Philip Hudson wrote:Lithuanian peasants do not nor have they ever spoken PIE.
I think the original comment came from the apparent belief among some linguists that, of all the known actively-spoken Indo-European languages, Lithuanian is considered to be among the most conservative, still using tenses and such that have fallen out of use in other modern languages. I've seen sometimes in etymologies that the current Lithuanian word is compared to the ancient forms in Latin, Sanskit, Greek, and sometimes Armenian.
The truth in each of these ideas is that people in isolated areas do, in some cases, hold on to speech characteristics that larger societies have discarded.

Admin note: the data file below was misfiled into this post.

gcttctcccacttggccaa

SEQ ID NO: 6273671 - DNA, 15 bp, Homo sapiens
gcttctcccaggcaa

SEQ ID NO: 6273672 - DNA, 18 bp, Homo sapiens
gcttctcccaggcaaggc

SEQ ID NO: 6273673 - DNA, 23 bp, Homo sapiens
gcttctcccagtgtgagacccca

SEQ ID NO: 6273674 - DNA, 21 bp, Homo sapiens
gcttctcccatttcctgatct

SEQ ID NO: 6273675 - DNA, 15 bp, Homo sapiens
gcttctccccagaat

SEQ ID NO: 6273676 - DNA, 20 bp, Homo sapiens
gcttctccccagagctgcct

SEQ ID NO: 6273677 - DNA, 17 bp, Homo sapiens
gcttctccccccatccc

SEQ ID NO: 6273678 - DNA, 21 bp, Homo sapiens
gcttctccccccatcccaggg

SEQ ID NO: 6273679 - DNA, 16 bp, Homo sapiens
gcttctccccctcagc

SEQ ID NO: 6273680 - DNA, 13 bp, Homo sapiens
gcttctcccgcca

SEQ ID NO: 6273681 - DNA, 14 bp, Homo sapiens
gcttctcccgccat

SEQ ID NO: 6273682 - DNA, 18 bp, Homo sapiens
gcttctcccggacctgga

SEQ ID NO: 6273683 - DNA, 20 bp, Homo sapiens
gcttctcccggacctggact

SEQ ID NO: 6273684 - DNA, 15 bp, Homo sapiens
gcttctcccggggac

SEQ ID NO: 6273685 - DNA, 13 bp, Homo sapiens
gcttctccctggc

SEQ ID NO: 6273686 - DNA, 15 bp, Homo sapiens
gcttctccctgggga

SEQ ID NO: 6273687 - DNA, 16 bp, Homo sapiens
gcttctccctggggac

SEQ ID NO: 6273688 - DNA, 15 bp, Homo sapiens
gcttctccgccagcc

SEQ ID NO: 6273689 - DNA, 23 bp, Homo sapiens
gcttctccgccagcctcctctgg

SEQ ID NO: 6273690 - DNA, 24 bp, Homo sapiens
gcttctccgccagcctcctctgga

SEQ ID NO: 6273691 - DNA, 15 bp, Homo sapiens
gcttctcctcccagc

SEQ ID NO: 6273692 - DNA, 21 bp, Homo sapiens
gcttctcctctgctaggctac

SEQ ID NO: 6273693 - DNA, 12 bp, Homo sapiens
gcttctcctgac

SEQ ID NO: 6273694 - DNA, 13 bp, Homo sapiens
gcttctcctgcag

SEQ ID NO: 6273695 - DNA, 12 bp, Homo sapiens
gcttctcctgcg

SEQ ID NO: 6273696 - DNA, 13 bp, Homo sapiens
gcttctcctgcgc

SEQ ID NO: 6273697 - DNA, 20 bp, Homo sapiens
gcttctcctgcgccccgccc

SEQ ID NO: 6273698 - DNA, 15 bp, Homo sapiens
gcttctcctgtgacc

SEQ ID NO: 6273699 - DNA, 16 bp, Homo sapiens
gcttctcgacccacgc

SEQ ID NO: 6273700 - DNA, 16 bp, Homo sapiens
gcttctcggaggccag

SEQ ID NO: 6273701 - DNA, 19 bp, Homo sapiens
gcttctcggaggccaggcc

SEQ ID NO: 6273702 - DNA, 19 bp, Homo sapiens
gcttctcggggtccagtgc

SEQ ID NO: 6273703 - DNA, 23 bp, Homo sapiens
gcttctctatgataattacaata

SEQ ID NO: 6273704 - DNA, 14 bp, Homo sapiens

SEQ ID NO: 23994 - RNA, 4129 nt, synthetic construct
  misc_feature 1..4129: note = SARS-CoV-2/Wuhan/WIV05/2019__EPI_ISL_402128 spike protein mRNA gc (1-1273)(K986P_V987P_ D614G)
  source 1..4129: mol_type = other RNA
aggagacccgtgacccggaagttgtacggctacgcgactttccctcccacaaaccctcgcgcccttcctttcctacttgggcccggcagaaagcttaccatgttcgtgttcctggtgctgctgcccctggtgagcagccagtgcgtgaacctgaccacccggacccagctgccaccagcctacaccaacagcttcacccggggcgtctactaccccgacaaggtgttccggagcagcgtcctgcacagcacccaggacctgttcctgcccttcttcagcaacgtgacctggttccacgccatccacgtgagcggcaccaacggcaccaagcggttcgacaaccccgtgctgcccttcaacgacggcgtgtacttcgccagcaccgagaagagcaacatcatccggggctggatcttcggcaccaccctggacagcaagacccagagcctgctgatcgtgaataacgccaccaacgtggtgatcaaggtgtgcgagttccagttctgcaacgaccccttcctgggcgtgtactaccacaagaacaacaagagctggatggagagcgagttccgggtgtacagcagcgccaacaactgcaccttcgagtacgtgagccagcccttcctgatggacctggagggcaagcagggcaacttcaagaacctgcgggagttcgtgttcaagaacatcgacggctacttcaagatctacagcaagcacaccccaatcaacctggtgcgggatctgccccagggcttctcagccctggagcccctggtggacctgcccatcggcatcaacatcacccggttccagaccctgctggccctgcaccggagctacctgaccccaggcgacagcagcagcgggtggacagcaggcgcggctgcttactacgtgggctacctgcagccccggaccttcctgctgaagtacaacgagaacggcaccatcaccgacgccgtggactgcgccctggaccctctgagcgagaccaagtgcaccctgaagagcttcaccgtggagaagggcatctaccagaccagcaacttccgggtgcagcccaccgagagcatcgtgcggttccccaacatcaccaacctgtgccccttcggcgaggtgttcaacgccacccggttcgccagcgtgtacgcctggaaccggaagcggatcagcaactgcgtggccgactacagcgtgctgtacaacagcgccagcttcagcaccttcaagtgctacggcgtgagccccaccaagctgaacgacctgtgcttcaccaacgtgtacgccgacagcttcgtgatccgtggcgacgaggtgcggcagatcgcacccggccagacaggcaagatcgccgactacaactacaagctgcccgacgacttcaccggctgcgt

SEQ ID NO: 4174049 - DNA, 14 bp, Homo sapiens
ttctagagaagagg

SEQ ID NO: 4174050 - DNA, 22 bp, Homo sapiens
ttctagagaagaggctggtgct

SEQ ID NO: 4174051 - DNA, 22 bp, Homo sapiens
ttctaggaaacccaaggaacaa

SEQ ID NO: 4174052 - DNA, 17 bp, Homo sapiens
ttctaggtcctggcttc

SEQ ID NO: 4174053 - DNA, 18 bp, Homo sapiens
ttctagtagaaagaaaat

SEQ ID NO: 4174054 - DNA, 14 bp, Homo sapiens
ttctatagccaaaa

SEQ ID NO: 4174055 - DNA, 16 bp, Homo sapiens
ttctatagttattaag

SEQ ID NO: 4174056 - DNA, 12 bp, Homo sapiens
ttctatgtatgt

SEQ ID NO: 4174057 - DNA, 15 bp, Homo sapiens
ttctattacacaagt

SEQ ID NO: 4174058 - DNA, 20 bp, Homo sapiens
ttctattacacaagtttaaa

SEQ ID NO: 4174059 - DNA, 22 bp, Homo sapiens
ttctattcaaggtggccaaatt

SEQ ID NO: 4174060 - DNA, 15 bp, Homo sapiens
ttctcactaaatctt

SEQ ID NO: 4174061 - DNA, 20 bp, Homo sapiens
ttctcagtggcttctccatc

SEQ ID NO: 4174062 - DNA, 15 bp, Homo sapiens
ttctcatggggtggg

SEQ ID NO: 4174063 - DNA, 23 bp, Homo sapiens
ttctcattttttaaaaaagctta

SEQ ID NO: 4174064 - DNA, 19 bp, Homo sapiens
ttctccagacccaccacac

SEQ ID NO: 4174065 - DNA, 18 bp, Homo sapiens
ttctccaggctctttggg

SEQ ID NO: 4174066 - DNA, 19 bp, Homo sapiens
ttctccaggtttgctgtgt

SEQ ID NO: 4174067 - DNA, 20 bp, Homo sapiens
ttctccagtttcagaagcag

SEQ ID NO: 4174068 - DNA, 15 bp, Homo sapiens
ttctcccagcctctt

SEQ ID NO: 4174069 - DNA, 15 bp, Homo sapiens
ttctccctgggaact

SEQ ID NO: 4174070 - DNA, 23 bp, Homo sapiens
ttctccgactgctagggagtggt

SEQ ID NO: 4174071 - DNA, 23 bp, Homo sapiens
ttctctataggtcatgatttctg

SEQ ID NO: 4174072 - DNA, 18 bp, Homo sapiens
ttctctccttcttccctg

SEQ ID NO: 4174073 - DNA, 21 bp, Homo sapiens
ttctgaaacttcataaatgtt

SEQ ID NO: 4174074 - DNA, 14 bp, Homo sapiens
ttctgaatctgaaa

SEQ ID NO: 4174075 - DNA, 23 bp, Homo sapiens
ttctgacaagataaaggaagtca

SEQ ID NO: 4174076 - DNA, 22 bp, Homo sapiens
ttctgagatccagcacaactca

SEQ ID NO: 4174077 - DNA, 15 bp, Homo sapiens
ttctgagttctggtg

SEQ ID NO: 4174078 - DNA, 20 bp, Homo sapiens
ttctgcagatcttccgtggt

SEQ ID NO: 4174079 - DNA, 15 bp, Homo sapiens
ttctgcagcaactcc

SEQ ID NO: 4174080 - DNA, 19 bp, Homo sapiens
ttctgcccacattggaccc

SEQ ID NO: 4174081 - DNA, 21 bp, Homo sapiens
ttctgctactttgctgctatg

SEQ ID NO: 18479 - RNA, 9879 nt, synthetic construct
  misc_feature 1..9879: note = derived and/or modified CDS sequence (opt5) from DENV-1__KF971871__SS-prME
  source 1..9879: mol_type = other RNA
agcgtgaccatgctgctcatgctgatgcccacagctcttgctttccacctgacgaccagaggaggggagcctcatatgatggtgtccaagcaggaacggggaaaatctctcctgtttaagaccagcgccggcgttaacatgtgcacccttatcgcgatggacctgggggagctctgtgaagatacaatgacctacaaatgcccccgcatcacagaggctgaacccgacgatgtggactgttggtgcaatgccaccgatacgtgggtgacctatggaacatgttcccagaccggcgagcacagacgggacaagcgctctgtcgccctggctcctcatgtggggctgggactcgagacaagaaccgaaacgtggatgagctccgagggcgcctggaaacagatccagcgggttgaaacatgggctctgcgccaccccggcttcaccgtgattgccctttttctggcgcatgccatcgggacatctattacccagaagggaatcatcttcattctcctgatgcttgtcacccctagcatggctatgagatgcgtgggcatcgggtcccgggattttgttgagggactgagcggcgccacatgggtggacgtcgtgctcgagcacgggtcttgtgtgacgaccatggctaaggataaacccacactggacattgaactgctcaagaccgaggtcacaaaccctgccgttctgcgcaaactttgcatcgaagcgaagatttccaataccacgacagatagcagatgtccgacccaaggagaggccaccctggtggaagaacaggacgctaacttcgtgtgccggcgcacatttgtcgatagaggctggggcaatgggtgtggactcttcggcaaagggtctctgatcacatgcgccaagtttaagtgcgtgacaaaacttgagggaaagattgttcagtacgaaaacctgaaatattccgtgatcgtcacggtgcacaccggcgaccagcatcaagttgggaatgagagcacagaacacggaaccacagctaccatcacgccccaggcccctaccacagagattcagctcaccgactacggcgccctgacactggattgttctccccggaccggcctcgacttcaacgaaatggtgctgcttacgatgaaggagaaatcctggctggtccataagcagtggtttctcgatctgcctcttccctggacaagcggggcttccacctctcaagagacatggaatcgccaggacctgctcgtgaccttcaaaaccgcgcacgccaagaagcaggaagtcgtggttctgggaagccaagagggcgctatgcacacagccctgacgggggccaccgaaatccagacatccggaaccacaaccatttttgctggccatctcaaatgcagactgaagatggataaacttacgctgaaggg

...which was pretty much the point of the original quote. Lithuania may have been ruled at various times by Germans, Scandinavians, Slavs, and even Mongols, but they usually concerned themselves with cities, leaving the folks in the countryside alone.
Being of peasant stock is not a shameful condition. Abraham Lincoln said God must love the common people best because he made so many of us.
Hear, hear. Proud of my Gullah heritage, even if I am a born-and-bred suburban New Yorker. I guess that was my comment on today's academics being too PC to refer to their contemporaries as "peasants." Or my opinion, in any case.